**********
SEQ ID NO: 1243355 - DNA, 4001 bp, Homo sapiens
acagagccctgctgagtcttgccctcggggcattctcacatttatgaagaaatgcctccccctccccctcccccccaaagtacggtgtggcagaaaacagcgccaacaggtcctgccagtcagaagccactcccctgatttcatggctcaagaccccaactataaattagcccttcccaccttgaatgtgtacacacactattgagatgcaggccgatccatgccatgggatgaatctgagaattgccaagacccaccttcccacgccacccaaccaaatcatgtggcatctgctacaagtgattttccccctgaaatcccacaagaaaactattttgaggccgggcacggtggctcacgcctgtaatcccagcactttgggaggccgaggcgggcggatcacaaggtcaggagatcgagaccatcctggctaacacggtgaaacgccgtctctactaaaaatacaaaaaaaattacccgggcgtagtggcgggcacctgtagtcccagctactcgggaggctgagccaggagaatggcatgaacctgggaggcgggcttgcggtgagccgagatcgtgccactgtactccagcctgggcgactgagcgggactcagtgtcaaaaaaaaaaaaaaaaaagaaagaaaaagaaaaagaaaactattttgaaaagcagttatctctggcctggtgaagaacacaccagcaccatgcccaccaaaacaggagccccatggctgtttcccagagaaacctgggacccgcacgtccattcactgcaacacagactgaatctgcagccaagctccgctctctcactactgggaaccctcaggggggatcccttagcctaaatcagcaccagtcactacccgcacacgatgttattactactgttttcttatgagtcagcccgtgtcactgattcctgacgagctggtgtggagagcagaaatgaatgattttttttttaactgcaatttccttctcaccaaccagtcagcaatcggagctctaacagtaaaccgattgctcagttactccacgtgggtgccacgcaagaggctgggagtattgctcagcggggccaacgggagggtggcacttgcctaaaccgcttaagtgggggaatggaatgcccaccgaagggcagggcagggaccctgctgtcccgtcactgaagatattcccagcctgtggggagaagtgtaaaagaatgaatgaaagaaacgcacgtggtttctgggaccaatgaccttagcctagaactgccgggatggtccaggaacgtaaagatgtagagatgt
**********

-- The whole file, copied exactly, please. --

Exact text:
SEQ ID NO: 1243355 - DNA, 4001 bp, Homo sapiens
acagagccctgctgagtcttgccctcggggcattctcacatttatgaagaaatgcctccccctccccctcccccccaaagtacggtgtggcagaaaacagcgccaacaggtcctgccagtcagaagccactcccctgatttcatggctcaagaccccaactataaattagcccttcccaccttgaatgtgtacacacactattgagatgcaggccgatccatgccatgggatgaatctgagaattgccaagacccaccttcccacgccacccaaccaaatcatgtggcatctgctacaagtgattttccccctgaaatcccacaagaaaactattttgaggccgggcacggtggctcacgcctgtaatcccagcactttgggaggccgaggcgggcggatcacaaggtcaggagatcgagaccatcctggctaacacggtgaaacgccgtctctactaaaaatacaaaaaaaattacccgggcgtagtggcgggcacctgtagtcccagctactcgggaggctgagccaggagaatggcatgaacctgggaggcgggcttgcggtgagccgagatcgtgccactgtactccagcctgggcgactgagcgggactcagtgtcaaaaaaaaaaaaaaaaaagaaagaaaaagaaaaagaaaactattttgaaaagcagttatctctggcctggtgaagaacacaccagcaccatgcccaccaaaacaggagccccatggctgtttcccagagaaacctgggacccgcacgtccattcactgcaacacagactgaatctgcagccaagctccgctctctcactactgggaaccctcaggggggatcccttagcctaaatcagcaccagtcactacccgcacacgatgttattactactgttttcttatgagtcagcccgtgtcactgattcctgacgagctggtgtggagagcagaaatgaatgattttttttttaactgcaatttccttctcaccaaccagtcagcaatcggagctctaacagtaaaccgattgctcagttactccacgtgggtgccacgcaagaggctgggagtattgctcagcggggccaacgggagggtggcacttgcctaaaccgcttaagtgggggaatggaatgcccaccgaagggcagggcagggaccctgctgtcccgtcactgaagatattcccagcctgtggggagaagtgtaaaagaatgaatgaaagaaacgcacgtggtttctgggaccaatgaccttagcctagaactgccgggatggtccaggaacgtaaagatgtagagatgt